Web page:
It Can’t Be for the Love Of It Though

As much as I would love to – I can’t run the workshop for the love of it, and I don’t expect anyone would think that of me. It’s been one of things that has plagued my mind over the last few months though – the thought that people expect me to do it all for free. It seems strange now, as  am writing this, that I was thinking like that. We all need to make a living, and this is part of how I make mine.

Turning has been full time for me now for a while and the Black Dog Workshop is an extension of that. I need to charge for things like consumables etc, just the same way as I need to charge for the Hampshire Sheen that I make. It is a fact of life that we need to make some money here and there!

With the new workshop though, I can offer group turning at a cheaper rate – even free, sometimes – I will be doing free turning days every now and then to encourage people to come along and quite literally have a go to see if they like it. Then, they may come back for more. The point is this – I am making turning accessible for those curious without charging a reasonable sum of money for them to have a bash at it.

blackdogworkshop-membership-logoMembership of The Black Dog Workshop

Out there, there must be people who want to turn, but can’t for various reasons. Perhaps they can’t afford a lathe or the kit. Maybe they can turn, but don’t have access to a lathe. Maybe they just don’t have space for a lathe.

This is where membership of the Black Dog Workshop comes in after taking inspiration from a club in Yorkshire.

Anyone will be able to become a member of the workshop for an annual fee and have use of the lathes and the kit. Lathe time will be bookable by the hour. Your time on the lathe will be untutored and mostly unsupervised. Therefore, a competency test must be completed on the first visit. A members only beginners course will also be available. The only additional payment will be a small fee for consumables like abrasives and finishes (unless you bring your own).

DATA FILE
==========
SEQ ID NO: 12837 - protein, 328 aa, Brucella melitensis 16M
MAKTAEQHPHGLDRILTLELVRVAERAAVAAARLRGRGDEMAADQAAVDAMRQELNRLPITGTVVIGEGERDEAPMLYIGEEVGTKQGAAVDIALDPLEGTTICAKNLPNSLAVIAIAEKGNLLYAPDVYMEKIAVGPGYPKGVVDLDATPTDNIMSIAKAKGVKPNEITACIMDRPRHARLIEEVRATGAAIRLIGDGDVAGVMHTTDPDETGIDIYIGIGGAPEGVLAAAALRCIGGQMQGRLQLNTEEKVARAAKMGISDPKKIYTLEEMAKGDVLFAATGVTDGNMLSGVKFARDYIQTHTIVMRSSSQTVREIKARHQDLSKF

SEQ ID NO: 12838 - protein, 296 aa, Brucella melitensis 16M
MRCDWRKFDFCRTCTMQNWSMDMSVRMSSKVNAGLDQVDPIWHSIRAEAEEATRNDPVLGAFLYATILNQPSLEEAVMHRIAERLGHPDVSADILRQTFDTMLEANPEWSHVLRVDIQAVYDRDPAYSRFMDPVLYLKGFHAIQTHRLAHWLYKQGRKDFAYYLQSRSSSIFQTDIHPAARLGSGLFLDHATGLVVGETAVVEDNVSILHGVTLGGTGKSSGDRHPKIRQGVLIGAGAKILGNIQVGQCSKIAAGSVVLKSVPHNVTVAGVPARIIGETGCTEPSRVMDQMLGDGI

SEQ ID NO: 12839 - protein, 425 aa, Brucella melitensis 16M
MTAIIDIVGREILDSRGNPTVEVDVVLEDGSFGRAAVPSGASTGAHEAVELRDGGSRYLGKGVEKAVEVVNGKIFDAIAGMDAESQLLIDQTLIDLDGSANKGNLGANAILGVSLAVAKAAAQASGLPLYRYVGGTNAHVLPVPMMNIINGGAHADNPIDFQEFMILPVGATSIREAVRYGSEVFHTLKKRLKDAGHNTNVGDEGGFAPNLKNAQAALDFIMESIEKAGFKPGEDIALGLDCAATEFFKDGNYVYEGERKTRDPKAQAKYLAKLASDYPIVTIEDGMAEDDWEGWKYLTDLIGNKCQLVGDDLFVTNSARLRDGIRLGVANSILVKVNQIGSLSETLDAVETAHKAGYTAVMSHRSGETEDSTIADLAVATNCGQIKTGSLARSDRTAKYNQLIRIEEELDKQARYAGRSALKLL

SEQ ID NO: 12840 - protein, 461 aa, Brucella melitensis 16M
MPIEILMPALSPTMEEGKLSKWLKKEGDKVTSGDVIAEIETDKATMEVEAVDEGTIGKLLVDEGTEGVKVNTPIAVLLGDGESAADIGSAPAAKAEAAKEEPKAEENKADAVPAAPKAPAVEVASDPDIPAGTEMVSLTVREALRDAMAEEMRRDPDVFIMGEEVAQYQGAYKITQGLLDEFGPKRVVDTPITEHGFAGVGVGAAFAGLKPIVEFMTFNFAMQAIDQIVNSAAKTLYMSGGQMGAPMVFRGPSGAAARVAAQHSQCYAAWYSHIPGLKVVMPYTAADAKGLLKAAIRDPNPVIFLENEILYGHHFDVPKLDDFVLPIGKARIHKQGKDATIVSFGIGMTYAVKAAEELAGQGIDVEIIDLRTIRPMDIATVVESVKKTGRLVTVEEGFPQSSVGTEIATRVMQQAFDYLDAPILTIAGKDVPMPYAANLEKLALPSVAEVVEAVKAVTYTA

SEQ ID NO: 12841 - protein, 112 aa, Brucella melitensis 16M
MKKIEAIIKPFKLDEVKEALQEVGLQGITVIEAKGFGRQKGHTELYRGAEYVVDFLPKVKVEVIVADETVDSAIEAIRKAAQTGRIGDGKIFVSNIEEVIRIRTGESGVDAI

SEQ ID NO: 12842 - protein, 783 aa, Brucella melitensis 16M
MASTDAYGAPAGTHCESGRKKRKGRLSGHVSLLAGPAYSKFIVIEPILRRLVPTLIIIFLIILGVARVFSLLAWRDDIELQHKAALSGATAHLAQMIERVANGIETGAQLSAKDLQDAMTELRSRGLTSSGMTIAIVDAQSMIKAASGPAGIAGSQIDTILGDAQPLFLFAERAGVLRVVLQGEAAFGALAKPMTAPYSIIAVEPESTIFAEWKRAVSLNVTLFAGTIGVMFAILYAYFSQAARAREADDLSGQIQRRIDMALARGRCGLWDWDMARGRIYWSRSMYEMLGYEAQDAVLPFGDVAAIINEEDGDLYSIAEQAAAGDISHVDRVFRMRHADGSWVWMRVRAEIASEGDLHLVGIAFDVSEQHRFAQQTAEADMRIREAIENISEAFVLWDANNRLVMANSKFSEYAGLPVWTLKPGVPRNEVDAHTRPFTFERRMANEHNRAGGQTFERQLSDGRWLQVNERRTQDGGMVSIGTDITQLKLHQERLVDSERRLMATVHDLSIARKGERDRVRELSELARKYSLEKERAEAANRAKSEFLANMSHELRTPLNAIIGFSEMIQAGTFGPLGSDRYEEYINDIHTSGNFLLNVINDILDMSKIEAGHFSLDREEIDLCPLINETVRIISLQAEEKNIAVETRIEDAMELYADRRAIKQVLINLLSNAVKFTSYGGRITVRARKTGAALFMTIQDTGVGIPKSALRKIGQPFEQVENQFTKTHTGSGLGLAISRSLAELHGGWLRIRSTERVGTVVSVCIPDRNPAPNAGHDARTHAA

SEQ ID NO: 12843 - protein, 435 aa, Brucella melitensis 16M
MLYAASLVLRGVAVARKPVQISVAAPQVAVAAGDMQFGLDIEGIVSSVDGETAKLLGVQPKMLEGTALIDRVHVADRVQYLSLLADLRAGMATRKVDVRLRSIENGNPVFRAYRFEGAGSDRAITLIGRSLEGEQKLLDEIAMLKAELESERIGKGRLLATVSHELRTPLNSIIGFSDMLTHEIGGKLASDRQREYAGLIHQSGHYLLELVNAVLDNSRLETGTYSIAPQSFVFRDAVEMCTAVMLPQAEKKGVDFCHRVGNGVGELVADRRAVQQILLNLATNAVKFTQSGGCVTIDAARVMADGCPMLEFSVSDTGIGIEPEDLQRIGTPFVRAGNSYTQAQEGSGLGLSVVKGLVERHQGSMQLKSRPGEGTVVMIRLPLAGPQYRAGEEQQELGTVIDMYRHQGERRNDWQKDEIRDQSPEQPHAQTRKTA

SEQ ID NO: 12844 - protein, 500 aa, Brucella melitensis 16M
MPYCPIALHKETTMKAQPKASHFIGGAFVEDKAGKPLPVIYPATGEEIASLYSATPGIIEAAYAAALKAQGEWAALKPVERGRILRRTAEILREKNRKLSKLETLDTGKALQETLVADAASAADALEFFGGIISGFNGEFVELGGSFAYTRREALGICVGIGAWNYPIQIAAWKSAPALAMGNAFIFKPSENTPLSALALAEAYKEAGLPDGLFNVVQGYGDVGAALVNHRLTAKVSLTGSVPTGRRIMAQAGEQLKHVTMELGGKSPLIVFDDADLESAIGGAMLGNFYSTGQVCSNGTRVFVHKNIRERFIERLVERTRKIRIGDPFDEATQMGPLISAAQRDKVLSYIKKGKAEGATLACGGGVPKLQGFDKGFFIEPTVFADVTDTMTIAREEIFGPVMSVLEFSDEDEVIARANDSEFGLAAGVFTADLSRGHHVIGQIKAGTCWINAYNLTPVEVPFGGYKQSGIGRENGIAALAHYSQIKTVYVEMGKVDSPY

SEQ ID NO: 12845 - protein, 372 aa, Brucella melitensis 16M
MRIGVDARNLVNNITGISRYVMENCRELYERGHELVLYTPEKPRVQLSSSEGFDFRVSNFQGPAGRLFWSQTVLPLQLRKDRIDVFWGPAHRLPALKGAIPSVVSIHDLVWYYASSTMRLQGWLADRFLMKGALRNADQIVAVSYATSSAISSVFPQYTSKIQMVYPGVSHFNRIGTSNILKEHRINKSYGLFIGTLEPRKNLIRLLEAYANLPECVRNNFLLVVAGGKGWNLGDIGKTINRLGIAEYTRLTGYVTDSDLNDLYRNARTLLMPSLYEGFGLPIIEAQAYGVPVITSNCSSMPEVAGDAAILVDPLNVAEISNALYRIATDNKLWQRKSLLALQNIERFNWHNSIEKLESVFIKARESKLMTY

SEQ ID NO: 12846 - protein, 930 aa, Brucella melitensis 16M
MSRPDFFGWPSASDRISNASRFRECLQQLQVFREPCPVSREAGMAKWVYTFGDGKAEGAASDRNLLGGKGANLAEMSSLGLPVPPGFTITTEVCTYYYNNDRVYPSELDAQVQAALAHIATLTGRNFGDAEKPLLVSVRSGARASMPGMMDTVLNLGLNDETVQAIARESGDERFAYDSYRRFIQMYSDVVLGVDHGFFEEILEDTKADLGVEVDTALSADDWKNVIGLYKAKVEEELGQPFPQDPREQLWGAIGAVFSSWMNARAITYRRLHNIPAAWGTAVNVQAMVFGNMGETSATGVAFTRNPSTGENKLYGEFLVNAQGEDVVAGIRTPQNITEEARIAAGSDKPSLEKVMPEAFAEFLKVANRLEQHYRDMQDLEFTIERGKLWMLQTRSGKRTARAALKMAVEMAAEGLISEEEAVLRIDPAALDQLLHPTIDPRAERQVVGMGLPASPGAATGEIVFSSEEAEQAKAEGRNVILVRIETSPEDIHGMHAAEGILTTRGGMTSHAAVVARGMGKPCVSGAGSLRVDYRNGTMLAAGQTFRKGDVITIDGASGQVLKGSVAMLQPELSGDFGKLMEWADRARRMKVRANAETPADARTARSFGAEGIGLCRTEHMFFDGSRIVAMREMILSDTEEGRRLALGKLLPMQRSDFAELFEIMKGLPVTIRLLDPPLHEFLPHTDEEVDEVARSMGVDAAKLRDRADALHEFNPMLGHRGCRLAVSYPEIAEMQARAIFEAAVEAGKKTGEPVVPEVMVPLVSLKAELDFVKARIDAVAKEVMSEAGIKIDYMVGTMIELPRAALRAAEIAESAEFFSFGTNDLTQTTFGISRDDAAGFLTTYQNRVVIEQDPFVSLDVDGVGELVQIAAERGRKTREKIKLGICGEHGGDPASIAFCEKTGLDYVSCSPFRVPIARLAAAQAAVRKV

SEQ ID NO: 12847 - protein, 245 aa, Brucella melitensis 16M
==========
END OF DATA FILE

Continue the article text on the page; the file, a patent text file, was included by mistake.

Members will also benefit from discounts on the workshops and lessons available.

There will be Member’s Days in the workshop once a month alternating between Saturdays and Sundays with demos and hints and tips, evenings and live demonstrations via Facebook and YouTube. There will also an evening meeting once a month too.

Space is limited so places on the Member’s Days may have to be booked in advance. Not sure yet.

Currently, two types of membership will be available – Online Only, which gives access to the private Black Dog Facebook Group and live events, plus discounts on any downloadable material and a Full Membership which gives everything.

Details will be released when I’ve worked them out properly, but rest assured that the emphasis will be on turning, and not just talking!

An Incomplete Journey

comeTrue20161103_165822From a personal perspective, and because I am so close to the project, I find it difficult to appreciate the distance travelled in such a short space of time. The difference in the space the workshop occupies is monumental, but I have seen it change little step by little step. Even looking at the pictures of before and after don’t seem to sink in properly.